Former EU official suspected of spying for China

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German prosecutors said on Wednesday (15 January) they were investigating three people who allegedly spied for China, including a former EU diplomat, according to media reports.

“We can confirm an investigation into suspected espionage” for Chinese state security bodies, a spokesman for the federal prosecutor’s office told AFP.

Der Spiegel weekly said one of the suspects was a German diplomat who worked at the European Commission in Brussels before serving several stints as an ambassador for the European Union in foreign countries.

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The other two are reportedly lobbyists employed by a “well-known German lobbying firm”.

Prosecutors refused to provide details about the suspects and said no arrests have been made.

Spiegel reported that police were on Wednesday raiding homes and offices linked to the trio in Berlin, Brussels and the German states of Bavaria and Baden-Wuerttemberg.

According to Der Spiegel, prosecutors accuse the former diplomat and one of the lobbyists of “sharing private and commercial information with the Chinese ministry for state security”.

The third suspect apparently only indicated “a willingness to do so”.

The diplomat at the centre of the probe reportedly ended his EU career in 2017 and switched to working for a lobbying firm, where he then recruited the two other suspects.

He is also believed to have visited China in the company of his handling officer. Prosecutors declined to confirm the identity or professions of the three suspects.

The spying is alleged to have started that same year.

“We have seen the report,” a Commission spokesperson told EURACTIV.com “We have no comment at this stage, but of course our services are always ready to cooperate with national authorities conducting investigations that may implicate former staff members,” the spokesperson added.

If the allegations are confirmed, it would be a rare case of Chinese espionage being uncovered.

“Although there is always much talk about large-scale Chinese spying operations in Germany and Europe, investigators are rarely successful against Beijing’s secret services,” Der Spiegel wrote.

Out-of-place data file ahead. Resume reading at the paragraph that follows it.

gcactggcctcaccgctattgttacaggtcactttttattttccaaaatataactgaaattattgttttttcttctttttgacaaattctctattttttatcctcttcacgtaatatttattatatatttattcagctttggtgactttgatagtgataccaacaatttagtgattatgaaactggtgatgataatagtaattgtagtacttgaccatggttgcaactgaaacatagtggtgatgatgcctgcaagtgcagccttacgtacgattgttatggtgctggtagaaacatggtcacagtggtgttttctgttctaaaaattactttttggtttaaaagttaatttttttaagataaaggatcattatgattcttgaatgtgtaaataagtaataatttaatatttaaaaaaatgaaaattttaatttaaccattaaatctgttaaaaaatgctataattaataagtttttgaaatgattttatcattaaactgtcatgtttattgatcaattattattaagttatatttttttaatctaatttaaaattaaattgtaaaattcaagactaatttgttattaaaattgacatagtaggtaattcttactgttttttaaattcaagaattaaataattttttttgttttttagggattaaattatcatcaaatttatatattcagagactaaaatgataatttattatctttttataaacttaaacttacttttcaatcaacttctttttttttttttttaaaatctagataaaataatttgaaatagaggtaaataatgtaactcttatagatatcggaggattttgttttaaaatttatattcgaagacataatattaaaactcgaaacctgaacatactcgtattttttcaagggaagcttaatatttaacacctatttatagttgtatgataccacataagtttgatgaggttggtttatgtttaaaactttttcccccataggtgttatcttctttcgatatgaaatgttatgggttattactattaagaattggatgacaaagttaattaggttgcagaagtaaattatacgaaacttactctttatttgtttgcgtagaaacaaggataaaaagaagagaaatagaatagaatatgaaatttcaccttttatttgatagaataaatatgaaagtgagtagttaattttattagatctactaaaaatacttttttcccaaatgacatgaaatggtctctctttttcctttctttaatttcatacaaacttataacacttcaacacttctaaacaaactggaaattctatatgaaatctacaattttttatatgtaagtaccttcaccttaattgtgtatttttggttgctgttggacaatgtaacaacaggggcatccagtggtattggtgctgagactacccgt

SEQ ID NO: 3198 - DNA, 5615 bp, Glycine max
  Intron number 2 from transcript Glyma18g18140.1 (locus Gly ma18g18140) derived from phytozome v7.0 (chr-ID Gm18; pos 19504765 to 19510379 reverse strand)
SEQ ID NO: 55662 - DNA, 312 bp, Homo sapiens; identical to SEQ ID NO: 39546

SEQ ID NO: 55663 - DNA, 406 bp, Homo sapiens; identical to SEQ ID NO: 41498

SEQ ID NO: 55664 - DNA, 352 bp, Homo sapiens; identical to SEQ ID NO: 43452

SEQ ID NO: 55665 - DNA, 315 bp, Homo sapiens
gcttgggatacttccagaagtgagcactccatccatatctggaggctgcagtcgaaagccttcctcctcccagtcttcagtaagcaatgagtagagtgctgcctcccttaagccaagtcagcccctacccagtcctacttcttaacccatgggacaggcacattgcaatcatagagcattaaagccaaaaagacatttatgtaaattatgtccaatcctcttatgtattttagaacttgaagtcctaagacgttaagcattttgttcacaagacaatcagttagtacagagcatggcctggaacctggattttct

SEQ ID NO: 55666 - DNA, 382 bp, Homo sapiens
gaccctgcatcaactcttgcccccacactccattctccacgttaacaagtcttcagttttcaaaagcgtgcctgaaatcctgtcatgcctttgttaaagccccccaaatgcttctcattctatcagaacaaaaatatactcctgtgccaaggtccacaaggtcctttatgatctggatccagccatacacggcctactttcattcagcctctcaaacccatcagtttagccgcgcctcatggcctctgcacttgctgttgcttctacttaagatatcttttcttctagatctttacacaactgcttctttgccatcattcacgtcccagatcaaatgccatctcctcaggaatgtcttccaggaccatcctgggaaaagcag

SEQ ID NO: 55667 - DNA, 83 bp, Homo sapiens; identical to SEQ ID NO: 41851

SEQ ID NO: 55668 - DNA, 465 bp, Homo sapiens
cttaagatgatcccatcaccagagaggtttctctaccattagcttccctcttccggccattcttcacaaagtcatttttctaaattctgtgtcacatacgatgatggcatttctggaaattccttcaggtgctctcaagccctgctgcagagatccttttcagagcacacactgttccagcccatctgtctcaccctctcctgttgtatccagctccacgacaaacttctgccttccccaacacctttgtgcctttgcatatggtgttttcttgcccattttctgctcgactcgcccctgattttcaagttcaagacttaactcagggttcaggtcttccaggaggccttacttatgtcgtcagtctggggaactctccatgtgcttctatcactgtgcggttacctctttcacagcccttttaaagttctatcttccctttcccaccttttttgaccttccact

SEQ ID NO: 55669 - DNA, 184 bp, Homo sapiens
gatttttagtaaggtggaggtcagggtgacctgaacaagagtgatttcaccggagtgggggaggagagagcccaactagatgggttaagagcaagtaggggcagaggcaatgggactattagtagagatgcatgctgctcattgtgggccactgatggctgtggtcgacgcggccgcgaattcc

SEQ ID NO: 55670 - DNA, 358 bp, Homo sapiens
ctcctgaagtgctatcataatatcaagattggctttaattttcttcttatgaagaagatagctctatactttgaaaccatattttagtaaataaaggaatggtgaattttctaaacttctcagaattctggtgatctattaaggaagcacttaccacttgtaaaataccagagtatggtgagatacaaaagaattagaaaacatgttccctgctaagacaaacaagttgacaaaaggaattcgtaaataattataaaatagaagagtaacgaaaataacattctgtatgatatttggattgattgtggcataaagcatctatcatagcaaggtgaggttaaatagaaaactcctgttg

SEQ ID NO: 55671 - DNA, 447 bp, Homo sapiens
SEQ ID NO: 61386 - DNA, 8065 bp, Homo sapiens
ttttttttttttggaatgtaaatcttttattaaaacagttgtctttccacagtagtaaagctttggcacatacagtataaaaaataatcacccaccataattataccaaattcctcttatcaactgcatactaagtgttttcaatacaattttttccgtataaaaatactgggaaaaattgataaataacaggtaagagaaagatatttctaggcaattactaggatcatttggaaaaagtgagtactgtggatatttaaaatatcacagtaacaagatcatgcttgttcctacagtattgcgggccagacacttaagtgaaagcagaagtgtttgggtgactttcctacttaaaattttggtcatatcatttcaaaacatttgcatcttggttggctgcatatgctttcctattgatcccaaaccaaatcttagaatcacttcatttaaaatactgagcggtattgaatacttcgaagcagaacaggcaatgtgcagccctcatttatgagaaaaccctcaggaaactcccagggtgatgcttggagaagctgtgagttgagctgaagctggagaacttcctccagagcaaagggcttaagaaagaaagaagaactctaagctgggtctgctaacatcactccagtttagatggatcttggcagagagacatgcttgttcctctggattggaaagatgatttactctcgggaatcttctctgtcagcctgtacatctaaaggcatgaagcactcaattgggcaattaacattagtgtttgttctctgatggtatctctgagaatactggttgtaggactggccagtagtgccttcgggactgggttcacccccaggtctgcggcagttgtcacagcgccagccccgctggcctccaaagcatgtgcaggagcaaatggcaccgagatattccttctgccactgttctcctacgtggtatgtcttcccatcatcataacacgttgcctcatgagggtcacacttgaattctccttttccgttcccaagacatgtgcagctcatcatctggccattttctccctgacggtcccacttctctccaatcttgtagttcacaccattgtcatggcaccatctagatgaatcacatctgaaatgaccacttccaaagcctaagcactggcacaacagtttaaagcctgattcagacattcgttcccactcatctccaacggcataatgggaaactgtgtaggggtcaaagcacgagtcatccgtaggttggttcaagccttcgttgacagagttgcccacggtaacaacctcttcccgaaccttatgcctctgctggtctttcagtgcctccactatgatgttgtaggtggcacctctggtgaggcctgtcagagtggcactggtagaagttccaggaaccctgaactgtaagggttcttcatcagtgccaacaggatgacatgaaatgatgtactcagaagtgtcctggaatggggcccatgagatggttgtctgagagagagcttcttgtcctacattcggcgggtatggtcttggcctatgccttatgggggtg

The case is the first in recent years involving concrete allegations of spying by China against Germany and the EU. It comes amid growing concern across Europe and the broader West at China’s ramping up of its worldwide spying activity as it builds political influence to match its economic weight.

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Europe should increase its economic assertiveness abroad and put forward a new strategy to face China’s rivalry, as the challenges posed by Beijing are already affecting the way European countries are preparing to compete with global powers, experts and diplomats agreed on Thursday (12 July).

The probe also comes at a time of intense debate in Europe’s top economy about whether or not to exclude Chinese tech giant Huawei from developing Germany’s 5G mobile networks.

Critics, led by Washington, say Huawei is too close to Beijing and its equipment could be used as a tool for spying — an allegation Huawei strongly denies.

US President Donald Trump has already ordered American firms to cease doing business with market leader Huawei and has urged allies to follow suit.

Germany so far has resisted pressure to ban Huawei. Chancellor Angela Merkel has instead said Berlin would insist on stringent security requirements without barring individual companies.

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Europe should be “worried” about Huawei and other Chinese companies, given the mandatory cooperation they have to maintain with Chinese intelligence services, European Commission Vice-President for Digital Single Market Andrus Ansip said on Friday (7 December).

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